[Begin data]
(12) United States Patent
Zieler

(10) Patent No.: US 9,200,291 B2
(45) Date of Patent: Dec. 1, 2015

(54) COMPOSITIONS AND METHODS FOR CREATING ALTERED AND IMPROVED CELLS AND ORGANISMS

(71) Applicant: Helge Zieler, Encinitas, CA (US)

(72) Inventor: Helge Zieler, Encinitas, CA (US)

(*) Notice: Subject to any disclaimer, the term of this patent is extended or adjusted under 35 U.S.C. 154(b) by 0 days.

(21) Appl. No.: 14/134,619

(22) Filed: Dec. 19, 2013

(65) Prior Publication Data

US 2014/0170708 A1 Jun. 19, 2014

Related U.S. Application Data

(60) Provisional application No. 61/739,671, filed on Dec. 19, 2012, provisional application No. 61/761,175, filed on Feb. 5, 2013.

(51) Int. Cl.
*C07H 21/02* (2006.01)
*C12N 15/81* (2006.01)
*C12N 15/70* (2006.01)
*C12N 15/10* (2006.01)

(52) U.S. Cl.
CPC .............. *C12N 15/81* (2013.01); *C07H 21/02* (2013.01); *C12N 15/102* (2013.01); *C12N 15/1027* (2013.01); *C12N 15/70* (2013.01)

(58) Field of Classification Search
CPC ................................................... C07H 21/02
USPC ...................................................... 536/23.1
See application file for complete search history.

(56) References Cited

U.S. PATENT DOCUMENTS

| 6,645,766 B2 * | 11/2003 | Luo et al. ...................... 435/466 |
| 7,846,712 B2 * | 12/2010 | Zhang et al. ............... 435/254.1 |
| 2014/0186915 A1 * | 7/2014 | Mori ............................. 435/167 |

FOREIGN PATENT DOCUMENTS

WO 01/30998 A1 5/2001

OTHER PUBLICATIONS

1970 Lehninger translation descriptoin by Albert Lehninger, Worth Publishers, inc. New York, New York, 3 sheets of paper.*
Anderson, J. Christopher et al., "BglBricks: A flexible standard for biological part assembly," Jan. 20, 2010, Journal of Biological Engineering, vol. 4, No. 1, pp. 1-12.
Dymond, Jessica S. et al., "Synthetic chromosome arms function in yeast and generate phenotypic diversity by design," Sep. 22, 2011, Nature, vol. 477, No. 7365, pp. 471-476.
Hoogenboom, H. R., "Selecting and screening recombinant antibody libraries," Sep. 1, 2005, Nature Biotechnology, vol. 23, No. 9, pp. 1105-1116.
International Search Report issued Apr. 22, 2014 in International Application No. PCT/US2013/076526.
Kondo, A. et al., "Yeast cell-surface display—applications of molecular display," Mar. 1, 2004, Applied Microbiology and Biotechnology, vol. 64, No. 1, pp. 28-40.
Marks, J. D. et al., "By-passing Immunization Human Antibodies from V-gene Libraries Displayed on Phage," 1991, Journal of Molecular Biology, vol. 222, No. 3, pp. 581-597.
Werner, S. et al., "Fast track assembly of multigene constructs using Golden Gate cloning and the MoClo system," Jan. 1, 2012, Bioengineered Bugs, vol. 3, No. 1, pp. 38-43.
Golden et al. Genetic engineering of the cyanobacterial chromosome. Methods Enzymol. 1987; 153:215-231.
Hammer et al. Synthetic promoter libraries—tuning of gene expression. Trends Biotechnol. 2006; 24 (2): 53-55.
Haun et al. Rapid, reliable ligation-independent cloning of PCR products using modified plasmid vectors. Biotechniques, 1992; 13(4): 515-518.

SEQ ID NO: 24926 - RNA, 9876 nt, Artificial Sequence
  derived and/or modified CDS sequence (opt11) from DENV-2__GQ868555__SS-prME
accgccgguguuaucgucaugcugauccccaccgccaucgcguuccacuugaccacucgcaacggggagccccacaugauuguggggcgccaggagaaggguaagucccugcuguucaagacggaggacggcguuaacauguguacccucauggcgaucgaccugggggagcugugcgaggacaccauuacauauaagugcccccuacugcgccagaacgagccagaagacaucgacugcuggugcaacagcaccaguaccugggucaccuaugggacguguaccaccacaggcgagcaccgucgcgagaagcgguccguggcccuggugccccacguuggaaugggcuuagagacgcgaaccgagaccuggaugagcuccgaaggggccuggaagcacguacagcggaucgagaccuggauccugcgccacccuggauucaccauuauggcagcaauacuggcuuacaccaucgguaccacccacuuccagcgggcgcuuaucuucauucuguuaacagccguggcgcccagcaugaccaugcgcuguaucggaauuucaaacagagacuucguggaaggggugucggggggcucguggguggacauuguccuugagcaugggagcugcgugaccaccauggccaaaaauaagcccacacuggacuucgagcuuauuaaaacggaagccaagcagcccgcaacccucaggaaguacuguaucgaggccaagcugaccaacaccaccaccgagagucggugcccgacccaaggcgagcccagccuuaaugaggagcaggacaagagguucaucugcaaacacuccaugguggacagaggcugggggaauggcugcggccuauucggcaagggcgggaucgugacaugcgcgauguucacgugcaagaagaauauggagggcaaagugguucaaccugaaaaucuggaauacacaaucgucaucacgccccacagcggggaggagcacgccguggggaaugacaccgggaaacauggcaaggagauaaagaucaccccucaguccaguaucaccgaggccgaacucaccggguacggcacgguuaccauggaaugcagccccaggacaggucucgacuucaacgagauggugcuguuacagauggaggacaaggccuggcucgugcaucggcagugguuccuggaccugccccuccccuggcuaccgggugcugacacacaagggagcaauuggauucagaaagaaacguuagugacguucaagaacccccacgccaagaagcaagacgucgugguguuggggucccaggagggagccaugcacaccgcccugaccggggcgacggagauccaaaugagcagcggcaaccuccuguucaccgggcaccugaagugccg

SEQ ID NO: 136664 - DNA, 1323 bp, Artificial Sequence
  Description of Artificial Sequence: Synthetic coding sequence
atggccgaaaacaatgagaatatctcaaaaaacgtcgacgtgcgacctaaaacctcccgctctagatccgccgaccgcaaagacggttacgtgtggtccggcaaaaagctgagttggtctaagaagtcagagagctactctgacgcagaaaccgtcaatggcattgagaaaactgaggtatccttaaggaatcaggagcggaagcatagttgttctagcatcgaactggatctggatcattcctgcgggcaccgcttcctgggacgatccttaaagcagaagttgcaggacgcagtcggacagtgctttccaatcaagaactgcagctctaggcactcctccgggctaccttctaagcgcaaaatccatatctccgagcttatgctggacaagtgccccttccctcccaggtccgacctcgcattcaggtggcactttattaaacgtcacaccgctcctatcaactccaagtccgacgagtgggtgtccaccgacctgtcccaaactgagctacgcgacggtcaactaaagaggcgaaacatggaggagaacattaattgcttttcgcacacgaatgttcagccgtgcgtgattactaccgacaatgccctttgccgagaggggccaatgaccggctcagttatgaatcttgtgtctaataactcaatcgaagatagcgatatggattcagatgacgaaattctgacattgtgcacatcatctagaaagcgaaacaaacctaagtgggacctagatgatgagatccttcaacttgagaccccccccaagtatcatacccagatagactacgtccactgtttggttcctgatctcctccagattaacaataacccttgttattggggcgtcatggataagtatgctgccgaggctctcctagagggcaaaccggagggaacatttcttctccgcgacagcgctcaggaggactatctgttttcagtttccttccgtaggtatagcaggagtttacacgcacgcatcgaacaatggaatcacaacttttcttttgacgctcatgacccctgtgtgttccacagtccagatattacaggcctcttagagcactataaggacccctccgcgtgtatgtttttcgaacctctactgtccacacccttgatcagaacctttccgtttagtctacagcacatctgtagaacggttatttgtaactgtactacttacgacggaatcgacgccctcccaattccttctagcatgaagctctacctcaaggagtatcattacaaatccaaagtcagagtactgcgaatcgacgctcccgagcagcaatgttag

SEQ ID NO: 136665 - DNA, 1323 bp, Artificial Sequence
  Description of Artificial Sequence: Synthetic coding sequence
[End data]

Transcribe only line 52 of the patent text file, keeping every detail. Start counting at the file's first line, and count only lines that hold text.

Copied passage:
  Description of Artificial Sequence: Synthetic coding sequence